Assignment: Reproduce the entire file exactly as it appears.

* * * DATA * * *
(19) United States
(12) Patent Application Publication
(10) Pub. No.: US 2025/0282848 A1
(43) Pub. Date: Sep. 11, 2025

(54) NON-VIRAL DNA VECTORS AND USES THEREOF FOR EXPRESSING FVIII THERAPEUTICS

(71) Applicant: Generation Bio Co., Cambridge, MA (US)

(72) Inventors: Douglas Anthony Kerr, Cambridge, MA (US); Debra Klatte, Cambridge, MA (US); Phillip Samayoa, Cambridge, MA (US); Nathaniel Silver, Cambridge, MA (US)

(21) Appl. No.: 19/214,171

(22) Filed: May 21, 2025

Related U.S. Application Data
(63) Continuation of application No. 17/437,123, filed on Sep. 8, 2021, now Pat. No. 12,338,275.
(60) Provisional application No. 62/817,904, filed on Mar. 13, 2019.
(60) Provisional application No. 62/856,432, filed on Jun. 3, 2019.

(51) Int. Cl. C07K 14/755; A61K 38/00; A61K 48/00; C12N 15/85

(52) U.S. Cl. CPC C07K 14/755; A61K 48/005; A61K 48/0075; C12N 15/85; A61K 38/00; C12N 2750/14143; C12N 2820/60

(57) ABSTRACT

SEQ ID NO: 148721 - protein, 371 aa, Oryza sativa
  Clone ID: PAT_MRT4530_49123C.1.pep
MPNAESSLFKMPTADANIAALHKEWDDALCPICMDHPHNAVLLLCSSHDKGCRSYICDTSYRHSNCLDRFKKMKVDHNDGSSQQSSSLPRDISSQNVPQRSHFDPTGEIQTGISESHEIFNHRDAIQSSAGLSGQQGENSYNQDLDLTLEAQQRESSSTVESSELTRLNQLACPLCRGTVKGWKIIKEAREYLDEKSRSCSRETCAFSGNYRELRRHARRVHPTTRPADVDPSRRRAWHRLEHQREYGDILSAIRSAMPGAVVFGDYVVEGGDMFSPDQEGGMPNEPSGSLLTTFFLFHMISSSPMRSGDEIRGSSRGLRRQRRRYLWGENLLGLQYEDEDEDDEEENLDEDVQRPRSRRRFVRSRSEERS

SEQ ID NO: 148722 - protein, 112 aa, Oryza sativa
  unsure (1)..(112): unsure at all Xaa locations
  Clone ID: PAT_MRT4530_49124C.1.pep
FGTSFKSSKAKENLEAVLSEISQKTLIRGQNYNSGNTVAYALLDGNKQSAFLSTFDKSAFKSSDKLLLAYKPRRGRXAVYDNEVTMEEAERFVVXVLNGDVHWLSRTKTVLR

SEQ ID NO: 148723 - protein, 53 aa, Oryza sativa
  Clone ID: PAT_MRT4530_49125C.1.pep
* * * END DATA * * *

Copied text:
(19) United States
(12) Patent Application Publication
(10) Pub. No.: US 2025/0282848 A1
(43) Pub. Date: Sep. 11, 2025

(54) NON-VIRAL DNA VECTORS AND USES THEREOF FOR EXPRESSING FVIII THERAPEUTICS

(71) Applicant: Generation Bio Co., Cambridge, MA (US)

(72) Inventors: Douglas Anthony Kerr, Cambridge, MA (US); Debra Klatte, Cambridge, MA (US); Phillip Samayoa, Cambridge, MA (US); Nathaniel Silver, Cambridge, MA (US)

(21) Appl. No.: 19/214,171

(22) Filed: May 21, 2025

Related U.S. Application Data
(63) Continuation of application No. 17/437,123, filed on Sep. 8, 2021, now Pat. No. 12,338,275.
(60) Provisional application No. 62/817,904, filed on Mar. 13, 2019.
(60) Provisional application No. 62/856,432, filed on Jun. 3, 2019.

(51) Int. Cl. C07K 14/755; A61K 38/00; A61K 48/00; C12N 15/85

(52) U.S. Cl. CPC C07K 14/755; A61K 48/005; A61K 48/0075; C12N 15/85; A61K 38/00; C12N 2750/14143; C12N 2820/60

(57) ABSTRACT

SEQ ID NO: 148721 - protein, 371 aa, Oryza sativa
  Clone ID: PAT_MRT4530_49123C.1.pep
MPNAESSLFKMPTADANIAALHKEWDDALCPICMDHPHNAVLLLCSSHDKGCRSYICDTSYRHSNCLDRFKKMKVDHNDGSSQQSSSLPRDISSQNVPQRSHFDPTGEIQTGISESHEIFNHRDAIQSSAGLSGQQGENSYNQDLDLTLEAQQRESSSTVESSELTRLNQLACPLCRGTVKGWKIIKEAREYLDEKSRSCSRETCAFSGNYRELRRHARRVHPTTRPADVDPSRRRAWHRLEHQREYGDILSAIRSAMPGAVVFGDYVVEGGDMFSPDQEGGMPNEPSGSLLTTFFLFHMISSSPMRSGDEIRGSSRGLRRQRRRYLWGENLLGLQYEDEDEDDEEENLDEDVQRPRSRRRFVRSRSEERS

SEQ ID NO: 148722 - protein, 112 aa, Oryza sativa
  unsure (1)..(112): unsure at all Xaa locations
  Clone ID: PAT_MRT4530_49124C.1.pep
FGTSFKSSKAKENLEAVLSEISQKTLIRGQNYNSGNTVAYALLDGNKQSAFLSTFDKSAFKSSDKLLLAYKPRRGRXAVYDNEVTMEEAERFVVXVLNGDVHWLSRTKTVLR

SEQ ID NO: 148723 - protein, 53 aa, Oryza sativa
  Clone ID: PAT_MRT4530_49125C.1.pep